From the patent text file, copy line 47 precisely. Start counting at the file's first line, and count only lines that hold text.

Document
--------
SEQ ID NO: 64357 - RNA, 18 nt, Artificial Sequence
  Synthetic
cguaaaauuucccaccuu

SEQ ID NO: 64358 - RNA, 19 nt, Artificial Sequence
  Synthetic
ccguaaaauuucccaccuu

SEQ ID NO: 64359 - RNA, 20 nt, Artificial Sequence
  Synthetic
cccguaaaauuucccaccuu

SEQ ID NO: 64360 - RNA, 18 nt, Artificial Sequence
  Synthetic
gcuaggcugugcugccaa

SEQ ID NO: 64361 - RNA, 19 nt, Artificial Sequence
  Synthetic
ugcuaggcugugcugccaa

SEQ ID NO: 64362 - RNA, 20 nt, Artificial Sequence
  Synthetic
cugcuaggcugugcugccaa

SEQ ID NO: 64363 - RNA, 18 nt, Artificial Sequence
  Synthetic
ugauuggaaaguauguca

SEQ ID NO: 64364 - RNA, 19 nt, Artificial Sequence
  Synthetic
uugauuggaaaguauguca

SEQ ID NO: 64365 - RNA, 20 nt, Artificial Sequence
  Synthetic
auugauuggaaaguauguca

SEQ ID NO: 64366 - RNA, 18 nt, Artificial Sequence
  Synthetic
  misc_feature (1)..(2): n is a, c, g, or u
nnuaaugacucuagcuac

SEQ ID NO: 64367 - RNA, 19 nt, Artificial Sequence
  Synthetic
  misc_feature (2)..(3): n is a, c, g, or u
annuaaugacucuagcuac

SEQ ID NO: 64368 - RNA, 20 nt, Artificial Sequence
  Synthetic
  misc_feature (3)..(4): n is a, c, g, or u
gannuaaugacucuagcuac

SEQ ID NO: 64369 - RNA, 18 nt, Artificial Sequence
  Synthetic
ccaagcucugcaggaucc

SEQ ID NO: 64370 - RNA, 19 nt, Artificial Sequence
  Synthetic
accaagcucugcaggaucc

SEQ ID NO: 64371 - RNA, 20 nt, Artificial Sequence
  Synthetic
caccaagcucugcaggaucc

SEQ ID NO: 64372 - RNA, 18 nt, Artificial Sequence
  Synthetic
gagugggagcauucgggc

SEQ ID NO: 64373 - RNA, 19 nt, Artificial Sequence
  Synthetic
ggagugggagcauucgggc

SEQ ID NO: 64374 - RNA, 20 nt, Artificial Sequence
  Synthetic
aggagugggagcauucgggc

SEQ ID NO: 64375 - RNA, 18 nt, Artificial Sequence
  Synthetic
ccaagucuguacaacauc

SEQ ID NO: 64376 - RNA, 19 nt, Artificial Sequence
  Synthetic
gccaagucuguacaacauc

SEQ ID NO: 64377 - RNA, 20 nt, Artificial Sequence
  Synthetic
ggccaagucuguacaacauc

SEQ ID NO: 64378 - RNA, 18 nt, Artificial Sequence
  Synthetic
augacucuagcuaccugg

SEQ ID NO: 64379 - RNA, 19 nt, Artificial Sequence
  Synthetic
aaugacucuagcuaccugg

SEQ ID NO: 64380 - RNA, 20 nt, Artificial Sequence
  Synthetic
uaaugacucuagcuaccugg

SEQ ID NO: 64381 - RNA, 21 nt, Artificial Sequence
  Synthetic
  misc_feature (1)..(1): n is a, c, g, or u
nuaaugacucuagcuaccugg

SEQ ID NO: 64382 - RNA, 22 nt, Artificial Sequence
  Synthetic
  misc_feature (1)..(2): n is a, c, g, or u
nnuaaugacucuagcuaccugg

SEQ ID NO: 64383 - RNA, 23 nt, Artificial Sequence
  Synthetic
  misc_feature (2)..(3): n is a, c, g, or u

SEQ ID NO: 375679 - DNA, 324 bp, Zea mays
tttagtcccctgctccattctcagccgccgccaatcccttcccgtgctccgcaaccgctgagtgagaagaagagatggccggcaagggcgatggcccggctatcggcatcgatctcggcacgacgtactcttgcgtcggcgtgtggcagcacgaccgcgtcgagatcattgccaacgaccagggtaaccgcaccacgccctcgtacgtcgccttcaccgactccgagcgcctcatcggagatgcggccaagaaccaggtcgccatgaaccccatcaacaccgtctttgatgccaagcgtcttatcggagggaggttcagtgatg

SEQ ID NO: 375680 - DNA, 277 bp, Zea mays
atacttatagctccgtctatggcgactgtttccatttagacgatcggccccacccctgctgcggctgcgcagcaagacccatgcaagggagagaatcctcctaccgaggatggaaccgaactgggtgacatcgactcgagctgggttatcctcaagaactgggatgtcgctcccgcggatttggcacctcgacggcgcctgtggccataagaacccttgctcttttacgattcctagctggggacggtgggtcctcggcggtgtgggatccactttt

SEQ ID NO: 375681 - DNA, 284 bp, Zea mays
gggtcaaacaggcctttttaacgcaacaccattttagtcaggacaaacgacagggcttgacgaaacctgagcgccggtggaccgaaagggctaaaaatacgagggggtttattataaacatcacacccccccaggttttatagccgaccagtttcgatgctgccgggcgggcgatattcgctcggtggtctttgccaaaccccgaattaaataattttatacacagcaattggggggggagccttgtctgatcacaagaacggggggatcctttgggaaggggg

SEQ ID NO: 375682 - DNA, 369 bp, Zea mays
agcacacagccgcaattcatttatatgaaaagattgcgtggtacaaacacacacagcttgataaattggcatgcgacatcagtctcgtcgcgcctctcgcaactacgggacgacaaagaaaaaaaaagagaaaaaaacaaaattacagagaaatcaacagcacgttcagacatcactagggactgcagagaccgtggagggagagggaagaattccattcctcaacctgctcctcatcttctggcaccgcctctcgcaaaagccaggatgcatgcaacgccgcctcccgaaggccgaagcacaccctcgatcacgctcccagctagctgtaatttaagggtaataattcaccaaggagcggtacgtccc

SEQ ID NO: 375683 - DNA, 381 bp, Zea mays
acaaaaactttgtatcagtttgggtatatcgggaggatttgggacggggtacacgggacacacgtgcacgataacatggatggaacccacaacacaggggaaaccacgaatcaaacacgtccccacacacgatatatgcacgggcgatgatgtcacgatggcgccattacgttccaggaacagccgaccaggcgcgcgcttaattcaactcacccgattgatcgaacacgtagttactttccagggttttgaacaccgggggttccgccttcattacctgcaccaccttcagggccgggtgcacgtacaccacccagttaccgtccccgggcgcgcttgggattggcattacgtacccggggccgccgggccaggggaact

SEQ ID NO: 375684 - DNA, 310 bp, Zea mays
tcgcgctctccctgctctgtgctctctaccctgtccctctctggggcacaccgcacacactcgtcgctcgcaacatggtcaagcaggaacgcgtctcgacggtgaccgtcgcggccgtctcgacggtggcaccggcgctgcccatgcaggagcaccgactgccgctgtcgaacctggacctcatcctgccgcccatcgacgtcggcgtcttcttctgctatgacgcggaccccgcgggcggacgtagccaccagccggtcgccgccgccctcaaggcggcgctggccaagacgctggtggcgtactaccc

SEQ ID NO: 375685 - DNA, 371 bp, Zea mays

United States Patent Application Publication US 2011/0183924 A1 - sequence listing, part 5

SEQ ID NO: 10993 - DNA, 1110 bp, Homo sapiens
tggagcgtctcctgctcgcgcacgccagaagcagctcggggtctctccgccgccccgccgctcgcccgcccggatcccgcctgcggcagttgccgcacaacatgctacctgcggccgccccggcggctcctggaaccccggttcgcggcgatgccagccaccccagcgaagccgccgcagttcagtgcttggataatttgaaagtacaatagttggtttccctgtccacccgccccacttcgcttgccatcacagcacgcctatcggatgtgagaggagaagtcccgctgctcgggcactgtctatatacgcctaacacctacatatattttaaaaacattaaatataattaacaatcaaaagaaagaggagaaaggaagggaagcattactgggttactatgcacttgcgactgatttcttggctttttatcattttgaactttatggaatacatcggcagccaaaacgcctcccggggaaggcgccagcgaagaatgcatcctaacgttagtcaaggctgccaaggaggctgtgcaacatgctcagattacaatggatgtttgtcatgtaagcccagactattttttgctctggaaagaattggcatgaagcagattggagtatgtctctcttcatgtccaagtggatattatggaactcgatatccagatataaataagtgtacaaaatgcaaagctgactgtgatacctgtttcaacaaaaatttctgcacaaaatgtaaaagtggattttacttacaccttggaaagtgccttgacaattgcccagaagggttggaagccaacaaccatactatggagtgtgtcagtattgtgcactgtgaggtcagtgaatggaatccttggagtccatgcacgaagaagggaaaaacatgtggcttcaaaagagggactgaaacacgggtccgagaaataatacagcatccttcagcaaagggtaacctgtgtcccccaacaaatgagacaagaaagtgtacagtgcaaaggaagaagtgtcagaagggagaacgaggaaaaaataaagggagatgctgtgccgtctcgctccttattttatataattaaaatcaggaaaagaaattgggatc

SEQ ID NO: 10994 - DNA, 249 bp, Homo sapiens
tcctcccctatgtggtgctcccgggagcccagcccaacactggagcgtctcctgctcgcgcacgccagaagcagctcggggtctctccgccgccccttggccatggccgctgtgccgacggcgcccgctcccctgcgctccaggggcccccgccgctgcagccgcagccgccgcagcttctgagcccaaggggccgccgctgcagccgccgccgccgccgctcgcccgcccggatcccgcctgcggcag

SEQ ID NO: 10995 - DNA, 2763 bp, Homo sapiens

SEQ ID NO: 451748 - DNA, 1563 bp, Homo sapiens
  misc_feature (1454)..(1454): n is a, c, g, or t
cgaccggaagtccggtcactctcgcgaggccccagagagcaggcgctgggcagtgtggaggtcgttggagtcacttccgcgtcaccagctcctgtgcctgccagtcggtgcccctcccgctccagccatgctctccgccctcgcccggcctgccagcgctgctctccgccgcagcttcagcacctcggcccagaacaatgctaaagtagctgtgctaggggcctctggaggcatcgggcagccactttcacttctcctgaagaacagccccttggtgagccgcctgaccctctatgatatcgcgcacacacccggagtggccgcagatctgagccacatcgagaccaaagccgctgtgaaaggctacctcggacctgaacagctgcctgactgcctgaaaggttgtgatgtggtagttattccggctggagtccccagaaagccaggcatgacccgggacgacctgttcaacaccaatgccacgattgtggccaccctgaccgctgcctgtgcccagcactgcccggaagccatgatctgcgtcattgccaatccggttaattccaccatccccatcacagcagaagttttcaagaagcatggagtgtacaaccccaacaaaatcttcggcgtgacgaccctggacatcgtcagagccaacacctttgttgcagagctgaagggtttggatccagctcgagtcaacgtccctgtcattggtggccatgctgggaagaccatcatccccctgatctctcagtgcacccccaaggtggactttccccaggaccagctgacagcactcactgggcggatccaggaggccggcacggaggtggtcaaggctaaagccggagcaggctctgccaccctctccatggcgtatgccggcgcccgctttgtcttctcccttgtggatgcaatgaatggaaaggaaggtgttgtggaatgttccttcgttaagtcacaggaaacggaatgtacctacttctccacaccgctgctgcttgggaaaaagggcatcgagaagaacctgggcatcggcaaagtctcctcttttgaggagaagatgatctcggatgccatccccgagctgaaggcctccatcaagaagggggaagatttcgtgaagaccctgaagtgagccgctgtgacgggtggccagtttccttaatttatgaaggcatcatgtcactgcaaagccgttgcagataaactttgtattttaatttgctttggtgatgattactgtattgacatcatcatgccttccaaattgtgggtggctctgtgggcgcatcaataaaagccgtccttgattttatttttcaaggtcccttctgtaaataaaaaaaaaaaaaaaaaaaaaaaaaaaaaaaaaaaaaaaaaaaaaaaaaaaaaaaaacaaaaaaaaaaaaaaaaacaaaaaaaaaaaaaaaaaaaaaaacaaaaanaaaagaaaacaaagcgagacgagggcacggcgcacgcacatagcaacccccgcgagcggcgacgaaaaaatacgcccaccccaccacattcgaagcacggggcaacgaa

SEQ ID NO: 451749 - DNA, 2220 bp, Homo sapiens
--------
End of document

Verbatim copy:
  Synthetic